On Father’s Day, June 17, I joined thousands of other concerned New Yorkers in a silent march down Fifth Avenue from 110th Street to 78th Street to protest the New York Police Department’s (“NYPD”) discriminatory Stop, Question and Frisk (“Stop and Frisk”) policy. Organized by a coalition including civil rights, faith, labor, and community groups, the march proceeded in silence as an illustration of both the tragedy and serious threat Stop and Frisk and other forms of racial profiling present to our society.
It is my firm belief that an effective police force must have strong working relationships with the communities it is sworn to protect. Unfortunately, the NYPD’s Stop and Frisk practices deserve deep scrutiny and raise legitimate concerns about racial profiling, illegal stops and violations of privacy rights that must be addressed and reformed.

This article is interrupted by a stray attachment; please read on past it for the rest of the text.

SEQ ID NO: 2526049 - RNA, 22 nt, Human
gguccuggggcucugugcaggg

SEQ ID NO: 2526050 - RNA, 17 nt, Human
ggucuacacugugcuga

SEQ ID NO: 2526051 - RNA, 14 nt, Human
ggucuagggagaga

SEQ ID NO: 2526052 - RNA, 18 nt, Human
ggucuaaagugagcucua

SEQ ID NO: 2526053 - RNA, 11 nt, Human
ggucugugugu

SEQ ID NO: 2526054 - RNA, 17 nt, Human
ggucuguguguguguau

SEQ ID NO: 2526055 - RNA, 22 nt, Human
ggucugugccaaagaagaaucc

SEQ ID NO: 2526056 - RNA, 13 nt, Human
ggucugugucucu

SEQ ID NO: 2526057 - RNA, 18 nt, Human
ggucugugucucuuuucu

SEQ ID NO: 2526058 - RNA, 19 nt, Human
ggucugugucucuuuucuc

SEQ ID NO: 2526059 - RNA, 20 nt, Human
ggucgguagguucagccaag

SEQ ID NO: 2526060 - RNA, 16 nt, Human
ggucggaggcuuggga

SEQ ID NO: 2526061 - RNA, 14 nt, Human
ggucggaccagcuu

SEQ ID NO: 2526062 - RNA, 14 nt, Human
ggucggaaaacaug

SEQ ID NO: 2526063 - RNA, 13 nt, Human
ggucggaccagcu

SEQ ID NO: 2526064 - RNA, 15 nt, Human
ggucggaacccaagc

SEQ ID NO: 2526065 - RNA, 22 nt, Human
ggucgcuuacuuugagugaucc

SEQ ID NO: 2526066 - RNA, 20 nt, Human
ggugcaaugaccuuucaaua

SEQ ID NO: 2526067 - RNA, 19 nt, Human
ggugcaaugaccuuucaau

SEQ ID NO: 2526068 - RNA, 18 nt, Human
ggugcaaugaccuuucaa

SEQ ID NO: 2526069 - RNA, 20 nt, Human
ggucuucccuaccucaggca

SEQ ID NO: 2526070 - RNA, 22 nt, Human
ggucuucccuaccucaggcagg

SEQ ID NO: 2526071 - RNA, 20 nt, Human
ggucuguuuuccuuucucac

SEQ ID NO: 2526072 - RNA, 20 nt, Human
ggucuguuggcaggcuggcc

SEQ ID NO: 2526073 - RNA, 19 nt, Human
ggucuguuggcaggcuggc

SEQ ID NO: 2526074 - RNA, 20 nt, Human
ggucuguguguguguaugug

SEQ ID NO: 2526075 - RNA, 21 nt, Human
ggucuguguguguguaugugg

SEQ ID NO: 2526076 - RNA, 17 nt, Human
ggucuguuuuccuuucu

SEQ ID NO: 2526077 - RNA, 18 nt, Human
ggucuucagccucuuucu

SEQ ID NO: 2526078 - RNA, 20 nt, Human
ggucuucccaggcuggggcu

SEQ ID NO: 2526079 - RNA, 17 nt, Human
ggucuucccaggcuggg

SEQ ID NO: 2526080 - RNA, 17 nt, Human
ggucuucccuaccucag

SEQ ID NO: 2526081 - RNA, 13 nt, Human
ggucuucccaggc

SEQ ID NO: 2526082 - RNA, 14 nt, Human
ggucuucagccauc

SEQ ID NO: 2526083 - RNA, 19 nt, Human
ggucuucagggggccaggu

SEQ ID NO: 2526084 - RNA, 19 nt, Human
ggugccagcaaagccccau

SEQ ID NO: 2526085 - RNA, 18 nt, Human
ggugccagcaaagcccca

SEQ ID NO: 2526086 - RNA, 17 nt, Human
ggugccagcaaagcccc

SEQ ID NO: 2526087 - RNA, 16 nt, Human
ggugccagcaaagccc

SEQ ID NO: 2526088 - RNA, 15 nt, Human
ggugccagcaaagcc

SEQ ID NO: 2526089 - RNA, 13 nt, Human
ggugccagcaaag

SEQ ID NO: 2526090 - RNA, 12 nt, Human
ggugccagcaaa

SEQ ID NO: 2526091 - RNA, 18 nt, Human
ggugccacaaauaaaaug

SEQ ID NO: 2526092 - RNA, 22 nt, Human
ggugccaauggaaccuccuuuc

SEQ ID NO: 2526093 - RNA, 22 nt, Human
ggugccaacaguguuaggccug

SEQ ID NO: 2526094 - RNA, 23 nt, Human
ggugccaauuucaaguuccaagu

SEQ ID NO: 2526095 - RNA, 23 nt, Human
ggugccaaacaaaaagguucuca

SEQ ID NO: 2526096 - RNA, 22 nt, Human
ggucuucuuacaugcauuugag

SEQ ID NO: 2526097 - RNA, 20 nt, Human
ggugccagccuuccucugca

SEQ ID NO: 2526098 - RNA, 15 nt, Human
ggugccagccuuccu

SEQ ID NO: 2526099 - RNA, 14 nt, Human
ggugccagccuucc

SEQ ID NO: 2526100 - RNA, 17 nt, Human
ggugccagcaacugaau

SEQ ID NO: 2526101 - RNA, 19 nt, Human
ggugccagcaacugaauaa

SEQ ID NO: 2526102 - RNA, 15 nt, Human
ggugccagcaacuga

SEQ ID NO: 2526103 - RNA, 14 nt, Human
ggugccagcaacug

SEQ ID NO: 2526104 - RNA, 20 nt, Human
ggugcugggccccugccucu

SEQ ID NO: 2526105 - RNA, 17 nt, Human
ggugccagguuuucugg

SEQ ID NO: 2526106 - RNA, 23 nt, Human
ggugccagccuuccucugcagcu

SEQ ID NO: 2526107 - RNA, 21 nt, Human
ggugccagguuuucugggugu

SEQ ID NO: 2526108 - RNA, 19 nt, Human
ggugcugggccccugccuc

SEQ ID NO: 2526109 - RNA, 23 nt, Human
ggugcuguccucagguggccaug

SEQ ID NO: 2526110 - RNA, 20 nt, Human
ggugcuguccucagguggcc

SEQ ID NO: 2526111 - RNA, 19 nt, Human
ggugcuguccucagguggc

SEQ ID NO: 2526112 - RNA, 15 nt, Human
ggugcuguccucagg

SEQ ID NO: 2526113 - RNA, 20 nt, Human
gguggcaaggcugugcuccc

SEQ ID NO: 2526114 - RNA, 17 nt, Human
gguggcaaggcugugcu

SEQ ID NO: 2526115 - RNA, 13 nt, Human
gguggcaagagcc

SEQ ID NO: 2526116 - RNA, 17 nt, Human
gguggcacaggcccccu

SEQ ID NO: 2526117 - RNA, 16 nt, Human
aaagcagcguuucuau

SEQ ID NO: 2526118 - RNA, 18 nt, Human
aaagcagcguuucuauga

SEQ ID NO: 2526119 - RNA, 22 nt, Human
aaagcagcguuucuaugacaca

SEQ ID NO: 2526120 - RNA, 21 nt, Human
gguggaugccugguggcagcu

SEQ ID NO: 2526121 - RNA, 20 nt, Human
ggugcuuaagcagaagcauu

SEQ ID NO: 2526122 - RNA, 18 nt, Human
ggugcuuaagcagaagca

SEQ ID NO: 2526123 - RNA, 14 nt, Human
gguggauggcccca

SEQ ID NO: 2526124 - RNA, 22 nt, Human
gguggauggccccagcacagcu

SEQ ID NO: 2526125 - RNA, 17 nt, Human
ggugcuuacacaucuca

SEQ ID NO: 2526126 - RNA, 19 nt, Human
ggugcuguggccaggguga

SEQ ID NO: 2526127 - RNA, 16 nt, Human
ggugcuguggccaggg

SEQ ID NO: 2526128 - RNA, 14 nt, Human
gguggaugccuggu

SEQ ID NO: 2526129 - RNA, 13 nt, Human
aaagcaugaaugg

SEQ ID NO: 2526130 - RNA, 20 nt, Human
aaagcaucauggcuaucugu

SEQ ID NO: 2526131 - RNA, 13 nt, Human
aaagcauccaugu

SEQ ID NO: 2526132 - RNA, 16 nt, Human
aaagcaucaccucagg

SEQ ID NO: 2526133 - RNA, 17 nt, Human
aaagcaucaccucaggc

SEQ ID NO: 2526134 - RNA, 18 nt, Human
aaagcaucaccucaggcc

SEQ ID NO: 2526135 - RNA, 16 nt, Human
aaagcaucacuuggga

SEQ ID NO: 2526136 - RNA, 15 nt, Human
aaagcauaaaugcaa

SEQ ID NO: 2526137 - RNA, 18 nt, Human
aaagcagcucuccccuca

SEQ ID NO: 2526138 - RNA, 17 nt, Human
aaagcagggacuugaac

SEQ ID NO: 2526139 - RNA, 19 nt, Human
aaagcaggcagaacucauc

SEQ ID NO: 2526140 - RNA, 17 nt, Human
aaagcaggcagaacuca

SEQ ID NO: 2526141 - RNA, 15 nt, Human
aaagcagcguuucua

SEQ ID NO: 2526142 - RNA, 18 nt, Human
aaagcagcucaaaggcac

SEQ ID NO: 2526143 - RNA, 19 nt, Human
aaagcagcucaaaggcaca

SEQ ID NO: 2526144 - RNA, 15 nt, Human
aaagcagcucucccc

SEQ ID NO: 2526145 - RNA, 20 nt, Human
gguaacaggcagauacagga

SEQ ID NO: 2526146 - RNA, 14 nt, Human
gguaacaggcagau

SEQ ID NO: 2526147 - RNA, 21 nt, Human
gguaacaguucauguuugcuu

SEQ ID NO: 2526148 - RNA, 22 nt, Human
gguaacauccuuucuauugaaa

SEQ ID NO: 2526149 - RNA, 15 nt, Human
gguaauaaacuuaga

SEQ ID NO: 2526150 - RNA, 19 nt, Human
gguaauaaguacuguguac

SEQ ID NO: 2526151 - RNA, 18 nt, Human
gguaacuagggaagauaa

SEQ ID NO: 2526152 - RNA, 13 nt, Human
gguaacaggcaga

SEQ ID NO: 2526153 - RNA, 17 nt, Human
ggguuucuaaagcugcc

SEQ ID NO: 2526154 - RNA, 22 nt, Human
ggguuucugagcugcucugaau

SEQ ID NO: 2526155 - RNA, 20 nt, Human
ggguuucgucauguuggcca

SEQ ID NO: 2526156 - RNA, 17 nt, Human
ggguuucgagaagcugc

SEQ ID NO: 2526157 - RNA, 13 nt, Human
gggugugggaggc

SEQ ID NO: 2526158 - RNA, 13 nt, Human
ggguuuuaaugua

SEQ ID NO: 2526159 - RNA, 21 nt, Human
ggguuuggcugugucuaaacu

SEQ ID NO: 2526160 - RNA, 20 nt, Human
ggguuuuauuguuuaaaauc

While the NYPD has unquestionably performed well in reducing crime and generally establishing an open and honest dialogue with the residents of our City, the disproportionate numbers of innocent black and Latino New Yorkers subjected to Stop and Frisk have, sadly, sewn honest, understandable distrust and animosity toward the Department in many communities. Moreover, as a volunteer civics teacher in a New York City public high school, I have heard of the negative impact that this policy has had on young people who have been stopped by the police.
The march was very effective in focusing public and media attention on this misguided NYPD policy and we must continue to work in coalition until it is reformed.